Unless you’ve got mad brush skills, it’s hard to pull off a smoldering smoky eye effect or perfectly winged-out liner without a makeup artist.Yet, while a natural look may be easier to pull off, there is definitely a time and a place for an amazing statement eye.
All it takes is practice — and insider tips from the pros who know all of the tricks.
STAMP FIRST, COLOR AFTER
Before you begin, I suggest applying an eyeshadow primer, such as Urban Decay’s bestseller, to your lids. “A good primer will intensify the color you wear as well as adhere to the shadow, allowing it to last longer and prevent creasing.”
LESS IS MORE, GUYS
“The thing I tend to see the most with smoky eyes gone wrong is that people get over-zealous and too ambitious with the shadow. Don’t go overboard — a little goes a long way.” “Define the shape first and follow that with your shadow. Don’t bring the shadow all the way up to your eyebrows — follow your natural eye shape and the curve of your eyelid crease.”
EYES BEFORE FOUNDATION
Avoid getting shadow residue under your eyes on your finished face by applying your eye makeup before you start on your base. “If your foundation is applied before your eye shadow, [the shadow] falls and sticks in your face leaving a muddy mess.” Always use a shadow brush with bristles that are stiff, not fluffly, to avoid fallout.
KNOW YOUR EYE SHAPE
Working out what shape your eyes are will help to assess how you should apply your eye color. Take a look in the mirror — are your eyes more rounded or almond shaped?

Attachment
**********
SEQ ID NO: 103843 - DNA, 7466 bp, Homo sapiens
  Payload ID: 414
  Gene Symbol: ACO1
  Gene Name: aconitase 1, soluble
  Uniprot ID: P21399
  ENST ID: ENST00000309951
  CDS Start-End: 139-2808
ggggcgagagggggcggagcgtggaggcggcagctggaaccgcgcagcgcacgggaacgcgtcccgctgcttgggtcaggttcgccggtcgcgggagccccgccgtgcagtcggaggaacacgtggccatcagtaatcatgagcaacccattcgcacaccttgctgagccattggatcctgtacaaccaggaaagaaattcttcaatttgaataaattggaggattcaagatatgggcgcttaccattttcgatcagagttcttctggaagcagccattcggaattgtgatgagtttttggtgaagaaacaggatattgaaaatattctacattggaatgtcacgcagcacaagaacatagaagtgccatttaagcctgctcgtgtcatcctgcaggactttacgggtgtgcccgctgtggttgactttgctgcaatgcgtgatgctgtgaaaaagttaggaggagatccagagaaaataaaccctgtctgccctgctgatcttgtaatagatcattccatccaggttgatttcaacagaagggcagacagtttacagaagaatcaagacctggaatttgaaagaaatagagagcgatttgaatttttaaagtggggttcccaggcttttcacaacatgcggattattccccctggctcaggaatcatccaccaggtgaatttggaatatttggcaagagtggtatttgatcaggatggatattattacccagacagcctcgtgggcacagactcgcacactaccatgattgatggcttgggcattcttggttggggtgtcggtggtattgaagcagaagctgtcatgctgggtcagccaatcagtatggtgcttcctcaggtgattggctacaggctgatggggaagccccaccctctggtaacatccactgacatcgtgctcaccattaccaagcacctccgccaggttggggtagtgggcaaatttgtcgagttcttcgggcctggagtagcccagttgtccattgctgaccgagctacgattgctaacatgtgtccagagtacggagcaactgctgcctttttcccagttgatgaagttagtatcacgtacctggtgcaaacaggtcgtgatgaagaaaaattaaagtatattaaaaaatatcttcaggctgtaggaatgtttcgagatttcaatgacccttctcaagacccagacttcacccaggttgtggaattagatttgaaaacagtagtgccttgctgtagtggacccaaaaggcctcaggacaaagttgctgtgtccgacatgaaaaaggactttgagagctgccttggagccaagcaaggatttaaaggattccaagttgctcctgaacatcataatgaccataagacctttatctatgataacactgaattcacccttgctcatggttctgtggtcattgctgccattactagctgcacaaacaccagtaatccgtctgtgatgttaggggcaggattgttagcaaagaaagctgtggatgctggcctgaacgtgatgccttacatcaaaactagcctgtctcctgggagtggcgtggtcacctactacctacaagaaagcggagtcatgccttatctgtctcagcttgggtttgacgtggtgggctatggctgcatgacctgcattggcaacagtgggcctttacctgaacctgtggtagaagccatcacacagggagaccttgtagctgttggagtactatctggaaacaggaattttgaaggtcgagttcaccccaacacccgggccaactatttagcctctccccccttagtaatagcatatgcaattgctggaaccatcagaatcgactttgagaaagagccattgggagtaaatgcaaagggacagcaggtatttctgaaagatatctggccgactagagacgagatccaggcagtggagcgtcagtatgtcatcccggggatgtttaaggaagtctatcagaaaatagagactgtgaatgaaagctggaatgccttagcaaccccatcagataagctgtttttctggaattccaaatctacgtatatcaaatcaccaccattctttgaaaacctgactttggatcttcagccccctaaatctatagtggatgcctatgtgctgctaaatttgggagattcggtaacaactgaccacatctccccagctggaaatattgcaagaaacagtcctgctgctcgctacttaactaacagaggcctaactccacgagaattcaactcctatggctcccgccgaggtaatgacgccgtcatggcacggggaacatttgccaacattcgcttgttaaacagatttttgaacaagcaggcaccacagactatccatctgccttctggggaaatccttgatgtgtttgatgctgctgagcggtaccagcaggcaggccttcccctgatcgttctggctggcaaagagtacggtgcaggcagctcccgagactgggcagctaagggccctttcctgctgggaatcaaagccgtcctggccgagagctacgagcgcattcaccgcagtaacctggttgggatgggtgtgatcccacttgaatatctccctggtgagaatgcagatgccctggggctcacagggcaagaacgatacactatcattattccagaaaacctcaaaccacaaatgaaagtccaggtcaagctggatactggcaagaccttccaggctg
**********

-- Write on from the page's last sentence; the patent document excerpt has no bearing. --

“I created a maroon and black smoky eye for Lucy Hale recently,” says Deenihan. “Lucy has round eyes, so elongating the smoky shadow outward from the corner of her eye made them appear more cat-eye like.”
Deenihan’s fool-proof trick for creating a defined line like this is to take the edge of a sponge wedge and drag it from the outer corner of the eye underneath the liner, upward towards the end of the eyebrow. “The sponge will collect and clean up any unwanted product and leave you with a clean line.”
For almond-shaped eyes or smaller lids, Deenihan suggests opening them up by applying your shadow in a more circular shape. “Try to keep the shadow mostly on the lid and under the eye – stay away from the outer corners.”
BRING ON THE COLOR
Switch up your eye shadow colors from the standard black or gray to something more exciting. “Kate Hudson’s recent Oscar’s makeup used a purple and silver hue teamed with black for a great color combination, which added dimension to the eye,” Deenihan observes.
For a really flattering effect, though, she recommends choosing different shades of one color, such as navy blue teamed with cobalt or sky blue. “Mixing different shades together from the same color adds fun dimension and makes the eye pop,” she says.
If you’re sold on the classic black/grey smoky eye, though, take it up a notch by placing a horizontal line of shimmer in the dead center of the eyelid, across the entire lid. “This will give a wet look to a smoky for extra effect.”